One of the professors associated with the study said the results showed that statin treatment affects the energy production in muscles, which researchers believed to be the direct cause of muscle weakness and pain in the patients. Taking Ubiquinol can counteract the decreased CoQ10 levels associated with statin drugs, and may help alleviate the associated muscle pain of taking statin medications. Ubiquinol has been shown to replenish depleted CoQ10 levels for people on statin drugs and support cardiovascular health.
#7 - Taking Vacations May Reduce Risk of Death From Heart Disease
Want to improve your health in 2014? Get out of town. That’s the finding of a new study linking travel to a lower risk of heart attack and depression and even the promotion of brain health. The Global Commission on Aging and Transamerica Center for Retirement Studies, in partnership with the U.S. Travel Association, released research that shows the physical and cognitive health benefits of travel.
The study, which examined factors such as income levels and preexisting poor health, found that women who vacationed fewer than every six years had a significantly increased chance of experiencing a heart attack or coronary death compared with women who vacationed at least twice a year. The study also found that men who did not take an annual vacation were shown to have a 20 percent higher risk of death and about a 30 percent greater risk of death from heart disease. The most beneficial trips are those spent with family and friends, according to researchers, and the health benefits of travel are almost immediate. After only a day or two, 89 percent of respondents experienced significant drops in stress.
#6 - Walnuts May Help Increase Heart Health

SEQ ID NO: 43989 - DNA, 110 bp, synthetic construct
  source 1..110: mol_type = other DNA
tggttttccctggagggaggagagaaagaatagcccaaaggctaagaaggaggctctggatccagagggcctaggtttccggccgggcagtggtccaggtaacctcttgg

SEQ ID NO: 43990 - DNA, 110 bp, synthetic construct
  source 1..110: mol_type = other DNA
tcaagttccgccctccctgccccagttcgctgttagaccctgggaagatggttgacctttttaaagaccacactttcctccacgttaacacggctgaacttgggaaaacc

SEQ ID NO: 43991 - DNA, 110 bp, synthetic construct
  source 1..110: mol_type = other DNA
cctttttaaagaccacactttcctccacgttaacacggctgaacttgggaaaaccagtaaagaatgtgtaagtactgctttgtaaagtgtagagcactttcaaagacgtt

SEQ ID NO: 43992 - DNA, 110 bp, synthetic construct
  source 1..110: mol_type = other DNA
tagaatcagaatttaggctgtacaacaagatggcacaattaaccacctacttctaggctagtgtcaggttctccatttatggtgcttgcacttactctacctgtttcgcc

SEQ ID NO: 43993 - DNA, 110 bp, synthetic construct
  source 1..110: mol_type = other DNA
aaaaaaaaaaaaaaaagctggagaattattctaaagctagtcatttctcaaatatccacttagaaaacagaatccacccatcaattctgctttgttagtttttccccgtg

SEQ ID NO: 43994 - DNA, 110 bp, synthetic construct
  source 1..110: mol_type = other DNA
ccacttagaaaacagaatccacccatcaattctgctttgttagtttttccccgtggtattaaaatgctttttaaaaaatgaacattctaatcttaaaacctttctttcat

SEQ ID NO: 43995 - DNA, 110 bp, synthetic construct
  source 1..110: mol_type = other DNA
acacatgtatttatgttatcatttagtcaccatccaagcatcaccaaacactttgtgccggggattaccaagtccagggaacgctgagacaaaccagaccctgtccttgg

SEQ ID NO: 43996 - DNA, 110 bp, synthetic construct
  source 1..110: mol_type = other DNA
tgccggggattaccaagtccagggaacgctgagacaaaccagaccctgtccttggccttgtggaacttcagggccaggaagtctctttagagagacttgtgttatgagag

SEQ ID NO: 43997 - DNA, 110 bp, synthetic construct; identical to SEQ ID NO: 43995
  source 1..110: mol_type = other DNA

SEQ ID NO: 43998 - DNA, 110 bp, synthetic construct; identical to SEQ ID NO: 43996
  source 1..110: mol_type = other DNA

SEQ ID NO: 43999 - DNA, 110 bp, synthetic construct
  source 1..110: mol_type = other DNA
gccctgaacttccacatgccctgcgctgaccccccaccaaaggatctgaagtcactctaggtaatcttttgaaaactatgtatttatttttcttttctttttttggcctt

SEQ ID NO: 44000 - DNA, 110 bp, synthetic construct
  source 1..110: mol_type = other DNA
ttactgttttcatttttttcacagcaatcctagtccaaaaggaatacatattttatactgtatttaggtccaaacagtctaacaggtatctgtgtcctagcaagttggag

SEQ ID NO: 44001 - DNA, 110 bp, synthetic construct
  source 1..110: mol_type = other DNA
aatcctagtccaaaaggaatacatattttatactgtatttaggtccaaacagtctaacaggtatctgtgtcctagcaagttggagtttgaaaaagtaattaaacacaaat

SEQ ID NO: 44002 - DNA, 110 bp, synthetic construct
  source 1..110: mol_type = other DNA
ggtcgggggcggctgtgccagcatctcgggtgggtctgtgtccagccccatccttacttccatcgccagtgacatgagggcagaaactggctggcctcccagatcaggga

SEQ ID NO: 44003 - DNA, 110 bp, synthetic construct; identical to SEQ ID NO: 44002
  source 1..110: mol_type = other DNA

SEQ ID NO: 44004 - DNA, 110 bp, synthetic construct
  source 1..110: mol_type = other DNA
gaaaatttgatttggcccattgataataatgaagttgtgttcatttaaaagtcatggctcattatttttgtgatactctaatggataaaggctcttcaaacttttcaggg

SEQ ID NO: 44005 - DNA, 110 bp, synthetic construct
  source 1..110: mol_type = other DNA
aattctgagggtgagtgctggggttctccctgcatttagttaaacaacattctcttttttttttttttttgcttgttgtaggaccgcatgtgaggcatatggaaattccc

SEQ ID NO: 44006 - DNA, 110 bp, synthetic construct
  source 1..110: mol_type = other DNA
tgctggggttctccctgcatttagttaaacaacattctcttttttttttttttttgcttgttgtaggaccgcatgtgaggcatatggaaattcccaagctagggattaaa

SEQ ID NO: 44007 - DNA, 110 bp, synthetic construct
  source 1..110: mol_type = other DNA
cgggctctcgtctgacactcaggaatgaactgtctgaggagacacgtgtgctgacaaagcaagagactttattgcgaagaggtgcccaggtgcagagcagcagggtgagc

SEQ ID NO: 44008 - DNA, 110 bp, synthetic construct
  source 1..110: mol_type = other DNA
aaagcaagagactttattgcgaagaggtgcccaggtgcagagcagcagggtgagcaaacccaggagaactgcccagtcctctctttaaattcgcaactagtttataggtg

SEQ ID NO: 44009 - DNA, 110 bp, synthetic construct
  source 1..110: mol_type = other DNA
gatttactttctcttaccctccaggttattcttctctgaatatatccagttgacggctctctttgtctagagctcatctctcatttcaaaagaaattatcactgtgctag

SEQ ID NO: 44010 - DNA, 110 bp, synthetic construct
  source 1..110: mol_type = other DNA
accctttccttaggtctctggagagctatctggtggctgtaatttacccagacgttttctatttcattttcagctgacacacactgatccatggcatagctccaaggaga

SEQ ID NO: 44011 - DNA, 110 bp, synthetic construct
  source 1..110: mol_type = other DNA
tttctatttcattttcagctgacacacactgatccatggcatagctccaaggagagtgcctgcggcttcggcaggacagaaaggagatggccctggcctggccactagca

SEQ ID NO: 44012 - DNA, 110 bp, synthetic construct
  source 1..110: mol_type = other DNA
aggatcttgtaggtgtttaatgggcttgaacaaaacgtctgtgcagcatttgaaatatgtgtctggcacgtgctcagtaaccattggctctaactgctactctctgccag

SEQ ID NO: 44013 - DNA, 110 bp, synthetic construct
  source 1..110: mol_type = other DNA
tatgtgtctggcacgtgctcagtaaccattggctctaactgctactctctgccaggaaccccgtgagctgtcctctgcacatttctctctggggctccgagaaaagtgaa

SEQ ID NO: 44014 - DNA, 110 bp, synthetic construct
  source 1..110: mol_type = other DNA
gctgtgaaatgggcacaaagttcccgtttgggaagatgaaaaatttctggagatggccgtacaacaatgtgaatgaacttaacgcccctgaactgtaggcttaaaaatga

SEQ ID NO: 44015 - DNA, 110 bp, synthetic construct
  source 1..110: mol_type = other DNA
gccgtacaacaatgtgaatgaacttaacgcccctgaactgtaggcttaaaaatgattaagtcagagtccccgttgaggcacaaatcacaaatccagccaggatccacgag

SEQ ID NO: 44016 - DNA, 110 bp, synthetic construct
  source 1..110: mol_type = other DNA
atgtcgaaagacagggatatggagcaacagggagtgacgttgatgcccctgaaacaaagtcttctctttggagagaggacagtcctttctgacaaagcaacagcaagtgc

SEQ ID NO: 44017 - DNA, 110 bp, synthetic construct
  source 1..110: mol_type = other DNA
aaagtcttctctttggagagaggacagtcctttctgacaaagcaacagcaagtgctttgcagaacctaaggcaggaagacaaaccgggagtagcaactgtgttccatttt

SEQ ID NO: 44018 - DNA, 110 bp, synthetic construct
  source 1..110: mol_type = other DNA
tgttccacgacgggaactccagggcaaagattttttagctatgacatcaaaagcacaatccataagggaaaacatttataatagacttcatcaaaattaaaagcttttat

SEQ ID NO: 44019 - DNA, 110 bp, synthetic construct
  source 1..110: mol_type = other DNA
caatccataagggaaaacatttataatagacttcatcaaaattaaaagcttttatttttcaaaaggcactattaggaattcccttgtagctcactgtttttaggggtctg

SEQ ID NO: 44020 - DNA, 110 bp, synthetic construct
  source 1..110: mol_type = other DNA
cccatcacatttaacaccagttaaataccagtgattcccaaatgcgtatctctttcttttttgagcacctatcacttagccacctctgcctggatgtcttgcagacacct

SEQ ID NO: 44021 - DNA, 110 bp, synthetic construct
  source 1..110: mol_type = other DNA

A simple dietary change, such as adding walnuts to a healthy diet, may reduce the risk of heart disease, a study funded by the California Walnut Board found. Researchers from Penn State, Tufts University and the University of Pennsylvania wrote in the Journal of Nutrition that consuming whole walnuts and walnut oil both lowers cholesterol and reduces the risk of cardiovascular disease. They highlighted three compounds of HDL, or “good cholesterol,” functionality in walnuts: the alpha-linolenic acid, gamma-tocopherol, and phytosterols.
Alpha-linolenic acid is a type of omega-3 fatty acid found in plants. Gamma-tocopherol is a major form of Vitamin E found in many plant seeds. Phytosterols are cholesterol-like molecules found in plants that can lower cholesterol levels. These findings suggest the need to improve dietary advice for preventing heart disease (not solely treating it). More studies are also needed to learn more about the underlying connections between the foods we consume and how they can improve heart health.
#5 - Statins May Increase Risk of Diabetes
Statins once again make the list. Doctors already know that taking statin drugs to treat cholesterol can reduce patients' natural levels of CoQ10 and Ubiquinol, but researchers now think statin medications can contribute to the risk of Type 2 diabetes.
Researchers from Canada conducted a population-based study on 1.5 million residents to analyze the link between individual statin use and new-onset diabetes. Many factors, like age, could explain the increased risk among people taking certain statins for new-onset diabetes, regardless of dose or treatment. Those at the most risk were patients taking certain cholesterol-lowering drugs, such as atorvastatin (Lipitor), rosuvastatin (Crestor) and simvastatin (Zocor), according to the study.
#4 - Eating Breakfast Linked to Improved Heart Health
Mom was right: Breakfast is the most important meal of the day, according to a new study that suggests starting the day with a healthy meal lowers your risk of heart attack. U.S. researchers analyzed questionnaires completed by 26,902 men who were free of heart disease and cancer at the start of the study.
The men, who were between 45 and 82 years old, were asked about what they ate and when they ate it. The men then tracked their health for the next 16 years. The data revealed that the men who said they did not have breakfast had a 27 percent higher risk of heart attack or death from coronary heart disease than men who said they ate breakfast. Men who said they skipped breakfast had other risk factors for heart disease: They were younger, they were single, they were smokers, they worked full time, they did not do much exercise and they drank more alcohol.